Veterans interested in veteran readiness training in information technology can pursue a computer or math-focused program through VRRAP. Potential careers might be data scientists, information security analysts, computer network architects, and software or web developers.
The Bureau of Labor Statistics estimates that between 2020 and 2030, the information technology sector could add as many as 667,600 new jobs. Although many of them typically require a bachelor’s degree, it’s not unusual to find entry-level jobs that accept candidates with vocational training or certification.
7. Construction and Extraction
Pipefitters, plumbers, sheet metal workers, electricians, and carpenters all fit into the category of construction and extraction jobs. It’s common for workers in these occupations to go through training programs rather than college degree programs.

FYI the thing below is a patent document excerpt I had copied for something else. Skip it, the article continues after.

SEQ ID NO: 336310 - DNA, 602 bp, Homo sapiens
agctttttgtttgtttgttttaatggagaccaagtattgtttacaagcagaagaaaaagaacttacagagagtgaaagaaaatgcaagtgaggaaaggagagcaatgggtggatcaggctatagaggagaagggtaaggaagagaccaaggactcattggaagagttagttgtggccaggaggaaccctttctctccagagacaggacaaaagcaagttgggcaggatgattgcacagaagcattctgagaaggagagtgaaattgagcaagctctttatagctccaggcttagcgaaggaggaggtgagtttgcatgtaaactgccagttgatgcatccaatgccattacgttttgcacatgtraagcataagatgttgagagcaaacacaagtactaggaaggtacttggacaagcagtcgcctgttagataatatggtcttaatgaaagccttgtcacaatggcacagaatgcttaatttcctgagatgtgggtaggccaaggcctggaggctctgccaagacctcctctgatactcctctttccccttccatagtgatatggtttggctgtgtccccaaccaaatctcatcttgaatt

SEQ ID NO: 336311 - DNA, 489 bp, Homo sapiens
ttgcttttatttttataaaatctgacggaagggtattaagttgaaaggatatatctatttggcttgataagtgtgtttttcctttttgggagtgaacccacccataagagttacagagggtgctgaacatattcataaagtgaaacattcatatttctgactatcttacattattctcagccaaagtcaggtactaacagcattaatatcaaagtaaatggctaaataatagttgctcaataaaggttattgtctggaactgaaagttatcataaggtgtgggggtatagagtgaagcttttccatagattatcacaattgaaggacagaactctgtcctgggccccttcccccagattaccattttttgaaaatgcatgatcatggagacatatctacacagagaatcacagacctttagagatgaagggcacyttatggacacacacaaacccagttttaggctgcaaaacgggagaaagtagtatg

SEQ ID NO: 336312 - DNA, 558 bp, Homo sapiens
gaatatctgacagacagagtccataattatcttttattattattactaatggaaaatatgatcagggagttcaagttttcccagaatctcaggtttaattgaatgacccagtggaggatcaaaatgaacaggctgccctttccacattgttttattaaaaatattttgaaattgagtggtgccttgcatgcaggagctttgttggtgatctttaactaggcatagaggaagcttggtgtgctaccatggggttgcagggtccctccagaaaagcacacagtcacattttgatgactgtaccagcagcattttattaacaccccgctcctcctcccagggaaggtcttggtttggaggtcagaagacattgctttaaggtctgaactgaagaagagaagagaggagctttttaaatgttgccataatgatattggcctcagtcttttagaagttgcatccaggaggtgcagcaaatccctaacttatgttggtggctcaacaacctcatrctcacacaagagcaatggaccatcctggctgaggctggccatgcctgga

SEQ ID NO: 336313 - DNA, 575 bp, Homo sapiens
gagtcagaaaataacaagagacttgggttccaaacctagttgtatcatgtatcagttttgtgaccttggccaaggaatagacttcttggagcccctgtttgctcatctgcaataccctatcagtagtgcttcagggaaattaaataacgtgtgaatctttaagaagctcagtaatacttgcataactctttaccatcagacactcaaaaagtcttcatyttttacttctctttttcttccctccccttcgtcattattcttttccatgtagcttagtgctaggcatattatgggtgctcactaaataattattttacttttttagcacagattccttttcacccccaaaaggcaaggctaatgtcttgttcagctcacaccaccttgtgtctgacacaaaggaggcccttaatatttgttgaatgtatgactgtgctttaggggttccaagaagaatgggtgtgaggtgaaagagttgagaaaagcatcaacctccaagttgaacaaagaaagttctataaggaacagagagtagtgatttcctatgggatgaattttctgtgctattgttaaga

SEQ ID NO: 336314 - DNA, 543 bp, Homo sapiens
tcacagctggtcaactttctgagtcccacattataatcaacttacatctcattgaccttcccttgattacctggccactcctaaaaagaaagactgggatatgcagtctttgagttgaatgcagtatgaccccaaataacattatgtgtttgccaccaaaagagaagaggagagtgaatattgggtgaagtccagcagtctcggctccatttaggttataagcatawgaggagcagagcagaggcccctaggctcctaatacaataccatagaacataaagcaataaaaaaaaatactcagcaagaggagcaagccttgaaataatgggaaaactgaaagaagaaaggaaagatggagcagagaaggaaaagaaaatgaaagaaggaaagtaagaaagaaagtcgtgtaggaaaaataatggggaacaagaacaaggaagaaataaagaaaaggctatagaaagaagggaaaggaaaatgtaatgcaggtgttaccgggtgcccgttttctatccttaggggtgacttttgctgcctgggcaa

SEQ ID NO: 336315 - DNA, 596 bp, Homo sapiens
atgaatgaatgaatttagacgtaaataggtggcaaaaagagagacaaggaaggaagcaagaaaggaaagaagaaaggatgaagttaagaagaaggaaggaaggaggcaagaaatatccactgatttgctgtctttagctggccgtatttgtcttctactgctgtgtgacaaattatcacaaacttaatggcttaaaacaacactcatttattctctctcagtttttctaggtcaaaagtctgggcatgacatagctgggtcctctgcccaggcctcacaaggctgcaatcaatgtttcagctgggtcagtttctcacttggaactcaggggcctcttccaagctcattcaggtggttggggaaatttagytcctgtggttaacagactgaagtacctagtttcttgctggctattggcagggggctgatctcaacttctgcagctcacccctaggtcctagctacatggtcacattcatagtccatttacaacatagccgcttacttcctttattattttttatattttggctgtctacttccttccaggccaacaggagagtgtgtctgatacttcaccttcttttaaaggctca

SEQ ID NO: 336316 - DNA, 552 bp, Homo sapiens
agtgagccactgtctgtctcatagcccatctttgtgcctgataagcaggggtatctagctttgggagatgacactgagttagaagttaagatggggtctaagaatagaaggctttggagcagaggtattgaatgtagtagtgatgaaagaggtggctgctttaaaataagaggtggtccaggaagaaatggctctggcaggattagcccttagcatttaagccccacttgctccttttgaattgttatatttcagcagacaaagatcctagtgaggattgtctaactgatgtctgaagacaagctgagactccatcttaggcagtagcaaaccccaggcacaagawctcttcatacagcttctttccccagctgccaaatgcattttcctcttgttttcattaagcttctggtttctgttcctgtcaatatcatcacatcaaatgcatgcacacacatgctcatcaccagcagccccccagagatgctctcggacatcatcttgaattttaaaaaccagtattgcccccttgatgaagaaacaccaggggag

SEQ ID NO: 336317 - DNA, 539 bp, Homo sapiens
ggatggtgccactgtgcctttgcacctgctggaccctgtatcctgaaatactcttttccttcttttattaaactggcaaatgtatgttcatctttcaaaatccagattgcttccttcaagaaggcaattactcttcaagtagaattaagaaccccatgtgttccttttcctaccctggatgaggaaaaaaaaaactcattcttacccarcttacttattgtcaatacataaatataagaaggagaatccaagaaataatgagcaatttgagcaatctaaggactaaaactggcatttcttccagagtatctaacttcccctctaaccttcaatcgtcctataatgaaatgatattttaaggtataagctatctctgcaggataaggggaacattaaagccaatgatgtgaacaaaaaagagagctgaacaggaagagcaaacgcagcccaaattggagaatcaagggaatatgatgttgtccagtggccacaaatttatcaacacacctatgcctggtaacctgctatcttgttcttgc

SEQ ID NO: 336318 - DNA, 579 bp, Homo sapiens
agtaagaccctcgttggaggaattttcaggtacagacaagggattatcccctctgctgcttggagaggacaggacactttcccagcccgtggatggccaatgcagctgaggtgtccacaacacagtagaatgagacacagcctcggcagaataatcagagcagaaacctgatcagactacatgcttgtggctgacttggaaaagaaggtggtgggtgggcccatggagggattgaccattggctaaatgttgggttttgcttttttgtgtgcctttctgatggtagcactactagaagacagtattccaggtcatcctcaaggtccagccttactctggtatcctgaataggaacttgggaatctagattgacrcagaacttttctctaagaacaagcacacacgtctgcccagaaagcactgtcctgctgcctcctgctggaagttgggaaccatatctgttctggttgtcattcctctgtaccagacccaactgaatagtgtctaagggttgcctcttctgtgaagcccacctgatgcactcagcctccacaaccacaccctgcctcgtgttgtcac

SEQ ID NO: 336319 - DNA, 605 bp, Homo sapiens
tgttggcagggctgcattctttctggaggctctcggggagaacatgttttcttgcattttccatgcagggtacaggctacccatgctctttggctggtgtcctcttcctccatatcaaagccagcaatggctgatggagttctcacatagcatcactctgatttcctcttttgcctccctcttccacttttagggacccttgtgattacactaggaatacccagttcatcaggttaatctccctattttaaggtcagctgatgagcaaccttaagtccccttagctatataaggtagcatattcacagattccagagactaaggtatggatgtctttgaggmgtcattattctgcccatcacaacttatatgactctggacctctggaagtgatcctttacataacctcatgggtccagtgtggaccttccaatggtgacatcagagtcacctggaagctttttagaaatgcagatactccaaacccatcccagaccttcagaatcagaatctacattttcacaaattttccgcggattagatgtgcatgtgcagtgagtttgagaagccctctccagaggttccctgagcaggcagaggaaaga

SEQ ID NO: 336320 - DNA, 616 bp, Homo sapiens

Construction training programs often lead to apprenticeships that provide on-the-job training for workers. During apprenticeships, you’ll train with a mentor to enhance your skills and prepare for regular work. With more experience, you could become eligible for promotions to supervisory or managerial jobs.
8. Education and Training
Librarians, teaching assistants, preschool teachers, high school teachers, and museum technicians fall under the umbrella of education and training careers.
Veteran service members can check with their state’s Department of Education to determine what training or education may be available for these types of careers. For instance, some states offer alternative teaching licensures that lay a pathway for a career in education for people who already have a degree in another field.
9. Health Care Practice and Support